Always assess the patient, not the machinery. If pulse ox is 84%, ask them to take a few really deep breaths; some people have occasional bouts of apnea that can make their pulse ox low for a minute, but once they snap to and take a couple of good breaths, they're back up in the 90s. Also move the pulse ox to another finger, preferably on the other hand; sometimes the equipment just doesn't work right on some fingers. If still at 84%, then for the love of all that is holy, of course put some oxygen on!!! Even if the patient has the worst COPD you've ever heard of, put that oxygen on and tell them to breath and breath deeply!!! (O2 tx is bad for COPDers over the long haul, but in the short run, if their sats stay in the mid to low 80s then they are going to be dead, which is also not good for them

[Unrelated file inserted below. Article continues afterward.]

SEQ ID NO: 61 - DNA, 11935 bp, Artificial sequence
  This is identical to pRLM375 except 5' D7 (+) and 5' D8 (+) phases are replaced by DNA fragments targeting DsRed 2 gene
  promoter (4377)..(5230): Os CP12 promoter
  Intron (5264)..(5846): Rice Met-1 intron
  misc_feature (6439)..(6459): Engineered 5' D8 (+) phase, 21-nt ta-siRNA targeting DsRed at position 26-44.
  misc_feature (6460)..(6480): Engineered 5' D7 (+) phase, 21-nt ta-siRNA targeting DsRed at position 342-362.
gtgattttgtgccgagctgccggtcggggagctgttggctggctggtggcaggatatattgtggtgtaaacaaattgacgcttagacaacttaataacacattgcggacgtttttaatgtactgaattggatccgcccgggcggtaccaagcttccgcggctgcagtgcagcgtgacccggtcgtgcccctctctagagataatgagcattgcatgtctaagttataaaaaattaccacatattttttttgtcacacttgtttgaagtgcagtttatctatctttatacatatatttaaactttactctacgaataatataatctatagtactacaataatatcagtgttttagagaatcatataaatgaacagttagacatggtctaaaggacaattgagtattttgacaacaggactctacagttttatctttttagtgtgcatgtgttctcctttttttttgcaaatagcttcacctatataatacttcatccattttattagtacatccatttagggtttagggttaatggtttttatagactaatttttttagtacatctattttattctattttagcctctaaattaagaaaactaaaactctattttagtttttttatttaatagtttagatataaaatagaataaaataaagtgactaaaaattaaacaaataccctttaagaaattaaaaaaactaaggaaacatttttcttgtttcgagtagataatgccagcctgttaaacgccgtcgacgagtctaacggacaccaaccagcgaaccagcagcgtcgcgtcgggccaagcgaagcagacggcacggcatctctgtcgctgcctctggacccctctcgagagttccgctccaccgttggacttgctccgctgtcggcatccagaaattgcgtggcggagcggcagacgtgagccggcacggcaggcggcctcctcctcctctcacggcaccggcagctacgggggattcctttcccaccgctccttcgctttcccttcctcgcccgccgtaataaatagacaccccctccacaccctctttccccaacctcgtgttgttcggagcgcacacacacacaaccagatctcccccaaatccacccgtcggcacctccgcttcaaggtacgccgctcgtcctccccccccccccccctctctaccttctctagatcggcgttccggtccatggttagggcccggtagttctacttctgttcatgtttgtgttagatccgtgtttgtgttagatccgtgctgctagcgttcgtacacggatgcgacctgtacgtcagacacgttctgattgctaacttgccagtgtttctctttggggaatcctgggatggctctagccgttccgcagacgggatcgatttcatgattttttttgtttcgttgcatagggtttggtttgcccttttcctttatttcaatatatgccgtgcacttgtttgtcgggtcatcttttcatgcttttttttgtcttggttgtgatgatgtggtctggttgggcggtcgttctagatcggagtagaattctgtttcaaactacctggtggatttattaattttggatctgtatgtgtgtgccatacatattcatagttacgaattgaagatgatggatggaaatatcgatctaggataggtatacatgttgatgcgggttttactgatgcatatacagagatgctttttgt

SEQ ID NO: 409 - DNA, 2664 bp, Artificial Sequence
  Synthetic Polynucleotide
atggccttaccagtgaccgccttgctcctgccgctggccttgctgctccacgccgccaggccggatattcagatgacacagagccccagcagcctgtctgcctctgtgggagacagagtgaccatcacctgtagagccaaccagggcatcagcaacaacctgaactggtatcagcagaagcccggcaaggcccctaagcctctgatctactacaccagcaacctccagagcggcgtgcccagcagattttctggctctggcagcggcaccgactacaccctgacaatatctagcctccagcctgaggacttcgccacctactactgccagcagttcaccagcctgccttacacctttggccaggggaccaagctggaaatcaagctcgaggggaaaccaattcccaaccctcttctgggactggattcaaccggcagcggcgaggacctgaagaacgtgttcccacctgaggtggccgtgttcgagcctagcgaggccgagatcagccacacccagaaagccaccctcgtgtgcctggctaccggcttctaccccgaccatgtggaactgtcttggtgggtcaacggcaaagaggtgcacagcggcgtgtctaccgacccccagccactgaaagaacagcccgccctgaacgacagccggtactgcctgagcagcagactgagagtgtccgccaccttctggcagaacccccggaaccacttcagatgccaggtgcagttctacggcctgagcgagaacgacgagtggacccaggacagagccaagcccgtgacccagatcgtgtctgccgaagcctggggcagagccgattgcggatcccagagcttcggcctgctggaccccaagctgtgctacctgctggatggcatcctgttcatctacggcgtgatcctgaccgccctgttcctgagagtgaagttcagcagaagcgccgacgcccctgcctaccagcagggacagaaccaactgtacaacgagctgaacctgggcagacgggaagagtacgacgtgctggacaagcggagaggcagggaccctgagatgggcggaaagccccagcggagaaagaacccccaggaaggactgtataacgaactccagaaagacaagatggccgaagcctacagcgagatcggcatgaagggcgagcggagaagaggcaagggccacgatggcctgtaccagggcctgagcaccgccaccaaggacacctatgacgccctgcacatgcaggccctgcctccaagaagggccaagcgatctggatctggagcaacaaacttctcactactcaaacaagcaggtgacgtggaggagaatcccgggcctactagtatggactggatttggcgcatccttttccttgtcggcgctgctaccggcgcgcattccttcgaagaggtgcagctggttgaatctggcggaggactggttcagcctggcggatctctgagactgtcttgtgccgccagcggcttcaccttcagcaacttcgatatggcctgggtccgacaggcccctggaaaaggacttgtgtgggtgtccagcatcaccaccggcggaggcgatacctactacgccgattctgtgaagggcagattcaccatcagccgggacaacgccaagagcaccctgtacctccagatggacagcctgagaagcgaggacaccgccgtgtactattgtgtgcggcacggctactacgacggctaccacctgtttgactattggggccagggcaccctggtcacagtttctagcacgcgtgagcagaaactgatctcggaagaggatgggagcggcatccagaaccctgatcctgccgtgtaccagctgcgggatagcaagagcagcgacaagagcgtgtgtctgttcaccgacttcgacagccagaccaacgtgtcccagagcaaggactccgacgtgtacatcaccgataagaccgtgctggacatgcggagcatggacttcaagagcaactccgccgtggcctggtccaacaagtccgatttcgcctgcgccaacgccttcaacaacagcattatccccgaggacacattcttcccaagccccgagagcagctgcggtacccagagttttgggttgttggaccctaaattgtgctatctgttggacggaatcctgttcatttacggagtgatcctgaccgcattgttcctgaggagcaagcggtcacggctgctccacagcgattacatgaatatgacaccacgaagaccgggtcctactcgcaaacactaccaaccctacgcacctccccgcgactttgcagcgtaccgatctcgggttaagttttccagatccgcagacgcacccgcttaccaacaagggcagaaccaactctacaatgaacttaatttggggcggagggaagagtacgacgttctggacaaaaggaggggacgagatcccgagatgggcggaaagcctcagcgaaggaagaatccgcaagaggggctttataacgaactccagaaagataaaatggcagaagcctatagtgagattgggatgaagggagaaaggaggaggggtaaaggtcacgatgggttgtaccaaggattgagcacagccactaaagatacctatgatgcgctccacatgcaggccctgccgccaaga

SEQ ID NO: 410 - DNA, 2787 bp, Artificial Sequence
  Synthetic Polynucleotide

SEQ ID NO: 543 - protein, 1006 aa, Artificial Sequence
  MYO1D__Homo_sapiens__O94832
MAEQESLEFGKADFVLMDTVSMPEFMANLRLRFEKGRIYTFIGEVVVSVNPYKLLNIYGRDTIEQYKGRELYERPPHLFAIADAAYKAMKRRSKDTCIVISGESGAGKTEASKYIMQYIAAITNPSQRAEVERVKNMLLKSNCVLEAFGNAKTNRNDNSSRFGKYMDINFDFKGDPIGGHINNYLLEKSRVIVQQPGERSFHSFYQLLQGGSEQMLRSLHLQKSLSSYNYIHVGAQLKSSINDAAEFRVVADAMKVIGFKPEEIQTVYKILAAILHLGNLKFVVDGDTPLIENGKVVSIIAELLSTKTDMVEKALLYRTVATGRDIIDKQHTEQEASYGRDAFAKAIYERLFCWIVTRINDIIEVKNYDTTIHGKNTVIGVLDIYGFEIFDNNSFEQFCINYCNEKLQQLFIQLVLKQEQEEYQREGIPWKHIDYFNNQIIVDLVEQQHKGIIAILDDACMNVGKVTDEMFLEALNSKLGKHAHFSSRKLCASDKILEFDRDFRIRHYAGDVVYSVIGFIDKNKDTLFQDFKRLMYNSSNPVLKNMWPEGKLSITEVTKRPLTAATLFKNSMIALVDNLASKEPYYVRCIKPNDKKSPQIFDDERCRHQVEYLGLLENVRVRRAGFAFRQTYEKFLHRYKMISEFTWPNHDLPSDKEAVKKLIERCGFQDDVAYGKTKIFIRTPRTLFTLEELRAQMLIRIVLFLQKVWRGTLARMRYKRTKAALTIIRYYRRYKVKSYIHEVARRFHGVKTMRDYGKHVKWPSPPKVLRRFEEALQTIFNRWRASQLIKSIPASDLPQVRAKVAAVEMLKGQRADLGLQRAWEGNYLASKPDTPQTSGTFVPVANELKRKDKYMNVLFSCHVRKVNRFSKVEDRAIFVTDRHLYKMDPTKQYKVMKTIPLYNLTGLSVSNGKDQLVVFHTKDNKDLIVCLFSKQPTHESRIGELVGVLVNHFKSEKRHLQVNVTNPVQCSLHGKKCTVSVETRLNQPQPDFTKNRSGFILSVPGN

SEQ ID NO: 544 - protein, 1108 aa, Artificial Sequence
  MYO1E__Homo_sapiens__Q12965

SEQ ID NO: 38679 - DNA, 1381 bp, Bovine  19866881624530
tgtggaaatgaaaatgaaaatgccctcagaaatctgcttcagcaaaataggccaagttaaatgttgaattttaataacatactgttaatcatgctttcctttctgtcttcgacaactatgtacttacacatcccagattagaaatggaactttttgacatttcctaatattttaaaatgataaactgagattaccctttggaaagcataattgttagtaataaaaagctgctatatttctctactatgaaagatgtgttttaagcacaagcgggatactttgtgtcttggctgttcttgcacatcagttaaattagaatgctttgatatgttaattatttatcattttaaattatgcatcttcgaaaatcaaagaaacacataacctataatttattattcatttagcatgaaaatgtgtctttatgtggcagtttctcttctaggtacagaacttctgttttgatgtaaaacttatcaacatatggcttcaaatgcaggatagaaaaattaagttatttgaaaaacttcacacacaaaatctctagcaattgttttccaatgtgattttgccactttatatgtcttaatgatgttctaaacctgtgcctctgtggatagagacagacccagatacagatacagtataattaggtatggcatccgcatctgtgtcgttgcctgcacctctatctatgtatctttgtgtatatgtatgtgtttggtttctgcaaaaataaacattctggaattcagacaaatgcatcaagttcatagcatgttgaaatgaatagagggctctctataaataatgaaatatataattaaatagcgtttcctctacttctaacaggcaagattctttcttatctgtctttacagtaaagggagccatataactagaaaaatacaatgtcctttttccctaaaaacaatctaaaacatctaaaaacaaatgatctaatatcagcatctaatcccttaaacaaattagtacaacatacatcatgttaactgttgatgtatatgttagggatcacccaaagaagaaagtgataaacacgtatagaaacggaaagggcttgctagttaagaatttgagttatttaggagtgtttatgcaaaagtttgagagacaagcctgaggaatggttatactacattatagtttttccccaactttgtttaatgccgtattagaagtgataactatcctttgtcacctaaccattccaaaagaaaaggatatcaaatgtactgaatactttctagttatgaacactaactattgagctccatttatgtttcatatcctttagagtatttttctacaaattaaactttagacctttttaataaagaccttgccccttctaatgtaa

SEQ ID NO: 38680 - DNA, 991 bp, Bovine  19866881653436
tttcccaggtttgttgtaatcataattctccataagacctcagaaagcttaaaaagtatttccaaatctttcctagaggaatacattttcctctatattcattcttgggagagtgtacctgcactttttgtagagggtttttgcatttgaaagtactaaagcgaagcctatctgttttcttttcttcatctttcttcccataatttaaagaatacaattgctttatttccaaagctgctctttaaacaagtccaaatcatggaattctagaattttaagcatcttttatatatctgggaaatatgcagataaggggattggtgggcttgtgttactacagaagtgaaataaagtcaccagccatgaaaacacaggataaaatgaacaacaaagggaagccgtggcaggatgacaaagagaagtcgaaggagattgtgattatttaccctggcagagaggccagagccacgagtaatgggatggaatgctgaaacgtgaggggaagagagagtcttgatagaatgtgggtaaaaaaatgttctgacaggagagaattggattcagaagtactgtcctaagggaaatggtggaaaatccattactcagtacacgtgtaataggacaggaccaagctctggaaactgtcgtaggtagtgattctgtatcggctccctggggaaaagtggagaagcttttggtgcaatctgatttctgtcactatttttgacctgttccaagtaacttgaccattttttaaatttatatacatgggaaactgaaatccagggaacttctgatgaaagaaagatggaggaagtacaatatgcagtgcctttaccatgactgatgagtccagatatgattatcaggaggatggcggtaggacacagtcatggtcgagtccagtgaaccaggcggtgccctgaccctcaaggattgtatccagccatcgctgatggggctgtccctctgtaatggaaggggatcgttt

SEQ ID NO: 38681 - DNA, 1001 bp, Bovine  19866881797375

). As soon as you get the O2 on the patient and they are breathing deeply, call to the desk, tell them Mrs. Jones has a sat of 84, could then please call the primary nurse to the room. Once the patient is stabilized, then yes, get a doctor's order. Oxygen is considered a drug and you need to have some sort of order to administer it. Any acute care facility should have a policy on this (many responders have commented already about common standing orders), so check out what the policy is for the facility you are at this semester, and make a habit of knowing it wherever you have clinicals in the future.
You did the right thing by getting the patient O2. Your instructor was right that you should also have gotten an order, but the correct chronology was O2 first, order second. Your instructor should have used it as a teaching opportunity, not a reprimand. You did good!!!